Just to add one more: while you can be sure that they will be evaluated before the function call, you can't be sure about the order. So doing something like foo(a,++a) and relying on a left to right order isn't a good idea (and real fun to debug when differently optimized builds or builds from different compilers behave differently).

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Quote:
Original post by Trienco
Quote:
 Original post by SiCraneAnother example is a function call: all arguments to the function call must be evaluated before the function is actually called. So if you have foo(++a, ++b), you know that both ++a and ++b were both evaluated before foo() was called.

Just to add one more: while you can be sure that they will be evaluated before the function call, you can't be sure about the order. So doing something like foo(a,++a) and relying on a left to right order isn't a good idea (and real fun to debug when differently optimized builds or builds from different compilers behave differently).

I'm assuming the order its evaluated is based on the calling convention of that function. I'm sure this isn't guarenteed in the standard but it makes sense from a compiler point of view.

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Quote:
 Original post by SiCraneC++ has the concept of sequence points. A sequence point is basically a point in the code where everything before it has to have finished evaluating before execution proceeds any further. For example: the end of a statement is a sequence point. So this is well defined:++a;++a;Even though this is not:++a + ++a;Another example is a function call: all arguments to the function call must be evaluated before the function is actually called. So if you have foo(++a, ++b), you know that both ++a and ++b were both evaluated before foo() was called.Logical and and or, the ternary operator and the comma operator also have a sequence point after the first expression. So in A && B, A || B, A , B and A ? B : C the A has to finish evaluating, with all its side effects before B (or C) is evaluated. So ++a && ++a has well defined behaviour even though ++a + ++a doesn't.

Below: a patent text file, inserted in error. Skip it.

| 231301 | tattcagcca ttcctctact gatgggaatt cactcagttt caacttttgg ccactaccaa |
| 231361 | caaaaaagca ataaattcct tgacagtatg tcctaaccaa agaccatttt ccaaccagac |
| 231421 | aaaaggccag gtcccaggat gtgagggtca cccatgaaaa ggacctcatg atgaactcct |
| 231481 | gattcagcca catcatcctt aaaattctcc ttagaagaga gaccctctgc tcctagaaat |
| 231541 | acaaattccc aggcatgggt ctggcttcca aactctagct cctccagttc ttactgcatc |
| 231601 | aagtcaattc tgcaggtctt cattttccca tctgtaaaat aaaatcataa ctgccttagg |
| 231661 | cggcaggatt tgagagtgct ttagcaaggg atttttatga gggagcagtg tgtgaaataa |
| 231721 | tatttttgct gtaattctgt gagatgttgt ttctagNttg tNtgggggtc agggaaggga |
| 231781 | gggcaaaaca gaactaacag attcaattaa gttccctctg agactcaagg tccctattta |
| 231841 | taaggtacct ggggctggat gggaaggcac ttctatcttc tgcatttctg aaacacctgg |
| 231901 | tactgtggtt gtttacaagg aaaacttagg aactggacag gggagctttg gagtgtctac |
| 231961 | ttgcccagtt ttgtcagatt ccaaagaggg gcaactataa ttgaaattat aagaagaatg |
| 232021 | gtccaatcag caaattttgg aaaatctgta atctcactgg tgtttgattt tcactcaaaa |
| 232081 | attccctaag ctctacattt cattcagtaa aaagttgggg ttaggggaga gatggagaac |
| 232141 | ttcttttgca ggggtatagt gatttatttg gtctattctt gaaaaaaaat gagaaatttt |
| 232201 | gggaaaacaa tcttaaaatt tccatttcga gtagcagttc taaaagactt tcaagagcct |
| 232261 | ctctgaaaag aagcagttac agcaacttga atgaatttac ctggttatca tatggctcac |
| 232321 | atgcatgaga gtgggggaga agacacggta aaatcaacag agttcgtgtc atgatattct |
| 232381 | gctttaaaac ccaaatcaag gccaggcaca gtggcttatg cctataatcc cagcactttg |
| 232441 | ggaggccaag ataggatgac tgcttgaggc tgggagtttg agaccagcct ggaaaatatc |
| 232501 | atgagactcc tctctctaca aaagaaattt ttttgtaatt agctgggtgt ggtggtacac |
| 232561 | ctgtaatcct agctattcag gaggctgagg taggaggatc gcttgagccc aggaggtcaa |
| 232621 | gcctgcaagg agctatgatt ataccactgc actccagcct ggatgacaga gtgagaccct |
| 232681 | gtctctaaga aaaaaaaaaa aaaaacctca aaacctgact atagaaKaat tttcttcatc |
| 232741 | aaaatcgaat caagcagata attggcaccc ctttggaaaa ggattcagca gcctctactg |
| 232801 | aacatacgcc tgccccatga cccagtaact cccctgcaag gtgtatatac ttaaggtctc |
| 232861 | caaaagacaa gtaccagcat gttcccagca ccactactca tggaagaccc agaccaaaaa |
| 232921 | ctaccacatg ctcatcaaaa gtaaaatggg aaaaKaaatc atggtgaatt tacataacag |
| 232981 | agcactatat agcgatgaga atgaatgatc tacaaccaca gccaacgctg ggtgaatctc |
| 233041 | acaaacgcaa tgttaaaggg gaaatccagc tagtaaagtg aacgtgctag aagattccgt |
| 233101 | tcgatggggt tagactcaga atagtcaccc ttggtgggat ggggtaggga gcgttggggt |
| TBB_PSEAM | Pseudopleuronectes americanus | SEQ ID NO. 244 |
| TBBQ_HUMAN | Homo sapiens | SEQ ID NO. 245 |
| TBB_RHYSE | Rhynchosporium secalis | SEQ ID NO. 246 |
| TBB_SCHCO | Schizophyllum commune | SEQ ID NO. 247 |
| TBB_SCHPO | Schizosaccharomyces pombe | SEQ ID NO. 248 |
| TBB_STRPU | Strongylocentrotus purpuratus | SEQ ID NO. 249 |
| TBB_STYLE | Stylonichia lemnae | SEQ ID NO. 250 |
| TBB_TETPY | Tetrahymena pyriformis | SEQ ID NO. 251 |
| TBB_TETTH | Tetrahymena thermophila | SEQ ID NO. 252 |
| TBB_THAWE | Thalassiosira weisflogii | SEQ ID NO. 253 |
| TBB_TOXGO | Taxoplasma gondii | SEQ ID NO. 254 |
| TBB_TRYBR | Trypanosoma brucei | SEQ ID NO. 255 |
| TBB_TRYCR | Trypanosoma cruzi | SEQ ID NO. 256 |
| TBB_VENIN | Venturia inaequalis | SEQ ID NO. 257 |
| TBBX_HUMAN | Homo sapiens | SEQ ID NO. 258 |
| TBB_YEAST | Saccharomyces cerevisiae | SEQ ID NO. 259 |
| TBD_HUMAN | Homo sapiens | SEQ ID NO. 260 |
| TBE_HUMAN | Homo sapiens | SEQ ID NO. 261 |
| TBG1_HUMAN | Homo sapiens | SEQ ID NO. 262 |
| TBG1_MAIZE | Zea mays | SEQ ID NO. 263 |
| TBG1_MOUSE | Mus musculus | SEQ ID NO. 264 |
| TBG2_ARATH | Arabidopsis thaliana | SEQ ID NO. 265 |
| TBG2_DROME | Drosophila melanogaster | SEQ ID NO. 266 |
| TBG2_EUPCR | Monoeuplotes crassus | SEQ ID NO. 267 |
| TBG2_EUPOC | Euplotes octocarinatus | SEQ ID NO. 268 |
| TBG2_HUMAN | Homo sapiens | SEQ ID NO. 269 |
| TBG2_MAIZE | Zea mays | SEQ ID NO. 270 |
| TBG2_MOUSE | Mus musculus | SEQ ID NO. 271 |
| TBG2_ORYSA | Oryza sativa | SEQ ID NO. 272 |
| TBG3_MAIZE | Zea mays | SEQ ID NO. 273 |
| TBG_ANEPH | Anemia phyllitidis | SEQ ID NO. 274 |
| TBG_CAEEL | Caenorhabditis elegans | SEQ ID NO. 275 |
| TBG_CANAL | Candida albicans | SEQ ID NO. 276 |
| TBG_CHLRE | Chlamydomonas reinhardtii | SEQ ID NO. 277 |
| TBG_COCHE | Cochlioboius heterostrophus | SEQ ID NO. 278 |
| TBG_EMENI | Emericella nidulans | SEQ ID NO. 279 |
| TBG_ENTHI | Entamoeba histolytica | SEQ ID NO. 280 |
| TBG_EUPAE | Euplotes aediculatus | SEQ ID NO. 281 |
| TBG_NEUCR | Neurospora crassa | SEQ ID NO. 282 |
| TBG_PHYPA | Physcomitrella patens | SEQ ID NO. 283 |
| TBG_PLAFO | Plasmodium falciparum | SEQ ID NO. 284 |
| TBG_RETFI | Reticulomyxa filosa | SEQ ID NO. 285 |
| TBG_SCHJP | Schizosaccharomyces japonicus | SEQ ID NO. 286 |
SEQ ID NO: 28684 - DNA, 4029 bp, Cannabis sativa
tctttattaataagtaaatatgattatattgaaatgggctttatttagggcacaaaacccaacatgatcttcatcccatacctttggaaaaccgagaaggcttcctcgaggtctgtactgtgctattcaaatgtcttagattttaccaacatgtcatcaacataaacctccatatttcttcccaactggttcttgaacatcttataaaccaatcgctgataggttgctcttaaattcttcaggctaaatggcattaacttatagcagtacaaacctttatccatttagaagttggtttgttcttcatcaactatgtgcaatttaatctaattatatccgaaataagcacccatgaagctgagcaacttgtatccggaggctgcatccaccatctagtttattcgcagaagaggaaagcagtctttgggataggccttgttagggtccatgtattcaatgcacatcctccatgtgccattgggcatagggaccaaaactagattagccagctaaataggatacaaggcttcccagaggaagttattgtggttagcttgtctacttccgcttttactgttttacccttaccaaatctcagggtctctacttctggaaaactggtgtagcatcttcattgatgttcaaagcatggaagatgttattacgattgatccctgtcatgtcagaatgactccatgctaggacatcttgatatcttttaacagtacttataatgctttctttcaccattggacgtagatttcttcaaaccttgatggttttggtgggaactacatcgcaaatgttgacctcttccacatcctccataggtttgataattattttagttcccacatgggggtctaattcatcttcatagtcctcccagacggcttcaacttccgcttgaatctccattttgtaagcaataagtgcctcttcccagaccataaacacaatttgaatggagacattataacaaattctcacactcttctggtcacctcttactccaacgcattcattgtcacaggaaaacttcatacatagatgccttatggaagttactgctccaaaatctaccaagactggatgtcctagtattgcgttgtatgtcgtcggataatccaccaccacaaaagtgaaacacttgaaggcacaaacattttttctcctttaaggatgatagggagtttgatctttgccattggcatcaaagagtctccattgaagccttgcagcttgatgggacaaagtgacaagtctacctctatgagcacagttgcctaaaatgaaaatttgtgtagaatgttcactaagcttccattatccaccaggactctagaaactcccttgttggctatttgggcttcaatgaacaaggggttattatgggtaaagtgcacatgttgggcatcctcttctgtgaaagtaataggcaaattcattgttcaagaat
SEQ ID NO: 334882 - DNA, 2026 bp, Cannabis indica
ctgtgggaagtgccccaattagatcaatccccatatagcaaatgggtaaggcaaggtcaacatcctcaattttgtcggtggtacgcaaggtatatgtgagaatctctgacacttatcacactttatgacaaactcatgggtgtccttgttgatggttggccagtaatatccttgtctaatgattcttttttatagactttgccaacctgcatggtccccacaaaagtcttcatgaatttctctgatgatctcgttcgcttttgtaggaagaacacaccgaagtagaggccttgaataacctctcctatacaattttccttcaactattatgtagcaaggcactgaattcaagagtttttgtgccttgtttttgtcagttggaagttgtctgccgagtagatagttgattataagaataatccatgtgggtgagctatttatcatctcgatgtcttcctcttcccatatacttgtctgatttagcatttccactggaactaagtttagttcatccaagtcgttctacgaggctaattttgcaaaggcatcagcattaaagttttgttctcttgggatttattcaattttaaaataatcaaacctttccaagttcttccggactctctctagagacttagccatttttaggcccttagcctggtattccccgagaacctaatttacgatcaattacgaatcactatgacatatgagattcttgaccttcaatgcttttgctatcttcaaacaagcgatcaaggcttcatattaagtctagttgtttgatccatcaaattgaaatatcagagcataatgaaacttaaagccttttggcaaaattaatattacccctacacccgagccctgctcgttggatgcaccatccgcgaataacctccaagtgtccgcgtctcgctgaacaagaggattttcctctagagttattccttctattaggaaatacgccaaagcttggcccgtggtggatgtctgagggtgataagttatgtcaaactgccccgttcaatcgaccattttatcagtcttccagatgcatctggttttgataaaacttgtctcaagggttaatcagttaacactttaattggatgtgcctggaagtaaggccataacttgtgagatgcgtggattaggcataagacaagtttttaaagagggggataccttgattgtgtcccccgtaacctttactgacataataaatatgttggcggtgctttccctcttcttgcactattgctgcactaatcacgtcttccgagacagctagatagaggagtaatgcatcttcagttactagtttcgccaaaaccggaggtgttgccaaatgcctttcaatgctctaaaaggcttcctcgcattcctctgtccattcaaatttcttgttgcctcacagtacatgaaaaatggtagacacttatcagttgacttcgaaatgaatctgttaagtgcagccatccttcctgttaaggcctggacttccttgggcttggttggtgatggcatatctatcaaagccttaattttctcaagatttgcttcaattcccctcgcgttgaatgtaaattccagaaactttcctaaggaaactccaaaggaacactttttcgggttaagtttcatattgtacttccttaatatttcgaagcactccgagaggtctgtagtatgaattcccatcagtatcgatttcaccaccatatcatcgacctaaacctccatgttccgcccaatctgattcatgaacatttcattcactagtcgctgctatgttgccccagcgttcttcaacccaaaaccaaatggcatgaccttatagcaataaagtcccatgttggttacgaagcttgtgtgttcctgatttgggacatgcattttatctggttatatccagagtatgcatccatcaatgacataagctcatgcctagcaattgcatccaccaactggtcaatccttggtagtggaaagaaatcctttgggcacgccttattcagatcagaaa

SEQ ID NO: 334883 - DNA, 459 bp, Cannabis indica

So, sequence points consist of
- ;
- ()
- &&
- ||
- ? :
- function call

All other operators are not a sequence point and do not guarentee the order of evaluations.

Anything I'm missing?

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Quote:
 Original post by ph33rAnything I'm missing?

Yes, the comma operator: ,

++a, ++a; is perfectly well defined.

Note that overloading &&, || or , turns them into a function call, changing the position of the sequence point ang producing undefined behaviour in the above examples.

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Quote:
Original post by ph33r
Quote:
Original post by Trienco
Quote:
 Original post by SiCraneAnother example is a function call: all arguments to the function call must be evaluated before the function is actually called. So if you have foo(++a, ++b), you know that both ++a and ++b were both evaluated before foo() was called.

Just to add one more: while you can be sure that they will be evaluated before the function call, you can't be sure about the order. So doing something like foo(a,++a) and relying on a left to right order isn't a good idea (and real fun to debug when differently optimized builds or builds from different compilers behave differently).

I'm assuming the order its evaluated is based on the calling convention of that function. I'm sure this isn't guarenteed in the standard but it makes sense from a compiler point of view.

No, it might. If we have a function:
void func(int,int,int);
And we call it like this:
func(++a, ++b, ++c)
And the compiler pass parameters from left to right, it could do something like this:
inc ainc binc cpush apush bpush c

But there is no reason it couldn't call inc in the opposite order, especially if it determines that it might give a speedup to change the order (c might be in the cache so we should start incrementing c).